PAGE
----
One year at Princeton University: $37,000. One year at a New Jersey state prison: $44,000.
Prison and college “are the two most divergent paths one can take in life,” Joseph Staten, an info-graphic researcher with Public Administration, says. Whereas one is a positive experience that increases lifetime earning potential, the other is a near dead end, which is why Staten found it striking that the lion’s share of government funding goes toward incarceration.
The comparison between higher education spending and correction spending highlighted in the following chart is not perfect. Universities have means to fund themselves; prisons rely on the government. So it makes some sense that a disproportional amount of money flows to the correction centers. Also, take note, comparing African Americans in college and African Americans in dorms is not completely fair. For one, college implies an 18-22 age range, and incarcerated adults can be of any age. Also, it doesn’t take into account African Americans who commute to school.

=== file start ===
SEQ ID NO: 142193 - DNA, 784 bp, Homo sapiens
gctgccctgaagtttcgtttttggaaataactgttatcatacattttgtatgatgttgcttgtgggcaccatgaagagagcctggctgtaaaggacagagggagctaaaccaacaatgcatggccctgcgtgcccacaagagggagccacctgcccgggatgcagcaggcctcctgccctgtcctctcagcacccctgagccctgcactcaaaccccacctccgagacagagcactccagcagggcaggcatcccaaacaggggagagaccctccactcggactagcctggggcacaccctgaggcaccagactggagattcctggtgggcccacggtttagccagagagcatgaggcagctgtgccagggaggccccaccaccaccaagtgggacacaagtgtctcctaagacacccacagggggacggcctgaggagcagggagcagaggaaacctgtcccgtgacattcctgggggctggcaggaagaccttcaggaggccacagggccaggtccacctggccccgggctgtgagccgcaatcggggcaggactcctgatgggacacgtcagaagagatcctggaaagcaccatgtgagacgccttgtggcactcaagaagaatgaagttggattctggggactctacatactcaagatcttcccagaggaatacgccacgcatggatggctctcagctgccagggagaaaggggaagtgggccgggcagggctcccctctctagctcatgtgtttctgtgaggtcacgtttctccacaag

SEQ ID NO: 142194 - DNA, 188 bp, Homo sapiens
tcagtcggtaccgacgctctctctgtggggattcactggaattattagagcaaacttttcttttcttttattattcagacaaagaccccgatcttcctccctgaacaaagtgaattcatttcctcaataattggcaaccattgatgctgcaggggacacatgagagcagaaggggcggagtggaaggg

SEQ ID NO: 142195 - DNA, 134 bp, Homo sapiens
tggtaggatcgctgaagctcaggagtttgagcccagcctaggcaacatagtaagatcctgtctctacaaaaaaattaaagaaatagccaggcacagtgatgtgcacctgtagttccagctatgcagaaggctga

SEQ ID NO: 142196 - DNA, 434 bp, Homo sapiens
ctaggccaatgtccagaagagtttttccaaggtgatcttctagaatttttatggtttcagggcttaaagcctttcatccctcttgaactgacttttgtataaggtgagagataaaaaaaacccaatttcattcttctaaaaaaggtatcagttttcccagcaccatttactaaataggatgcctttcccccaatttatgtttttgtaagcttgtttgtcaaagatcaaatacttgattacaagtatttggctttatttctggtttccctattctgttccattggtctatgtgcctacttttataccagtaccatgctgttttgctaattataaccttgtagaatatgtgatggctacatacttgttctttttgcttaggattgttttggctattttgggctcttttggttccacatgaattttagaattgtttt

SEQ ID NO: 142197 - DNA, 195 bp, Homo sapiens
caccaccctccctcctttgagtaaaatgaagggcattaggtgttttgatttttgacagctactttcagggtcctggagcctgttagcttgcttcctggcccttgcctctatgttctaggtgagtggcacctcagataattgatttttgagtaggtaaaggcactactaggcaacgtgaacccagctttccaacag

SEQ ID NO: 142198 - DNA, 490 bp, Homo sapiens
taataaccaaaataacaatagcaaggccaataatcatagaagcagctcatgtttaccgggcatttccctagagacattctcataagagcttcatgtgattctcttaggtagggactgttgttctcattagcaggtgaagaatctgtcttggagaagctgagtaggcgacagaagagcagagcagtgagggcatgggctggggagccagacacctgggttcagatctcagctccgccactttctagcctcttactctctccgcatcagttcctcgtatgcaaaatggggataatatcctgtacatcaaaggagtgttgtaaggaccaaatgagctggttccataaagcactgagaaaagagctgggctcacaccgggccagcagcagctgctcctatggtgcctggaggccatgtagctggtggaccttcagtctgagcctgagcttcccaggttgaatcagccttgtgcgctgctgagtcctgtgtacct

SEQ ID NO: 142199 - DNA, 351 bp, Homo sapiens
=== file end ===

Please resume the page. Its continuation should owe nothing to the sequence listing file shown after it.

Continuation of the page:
Despite these shortcomings, this chart helps illustrate a large discrepancy in this country: America has the highest incarceration rate by population, but is only 6th in the world when it comes to college degrees. Our government’s spending reflects that fact accordingly.
Read the full article at The Atlantic Online…
- Five for Friday: Inmates more expensive than college, faxing and Klout (jeffesposito.com)
- Prison vs. Princeton (INFOGRAPHIC) (blippitt.com)
- Editorial: Falling Crime, Teeming Prisons (nytimes.com)
- Riverside County may charge inmates for incarceration costs (latimesblogs.latimes.com)
- How Extensive Are Private Prisoners in Our Country? plus a Report on Private Prison Lobbying (rortybomb.wordpress.com)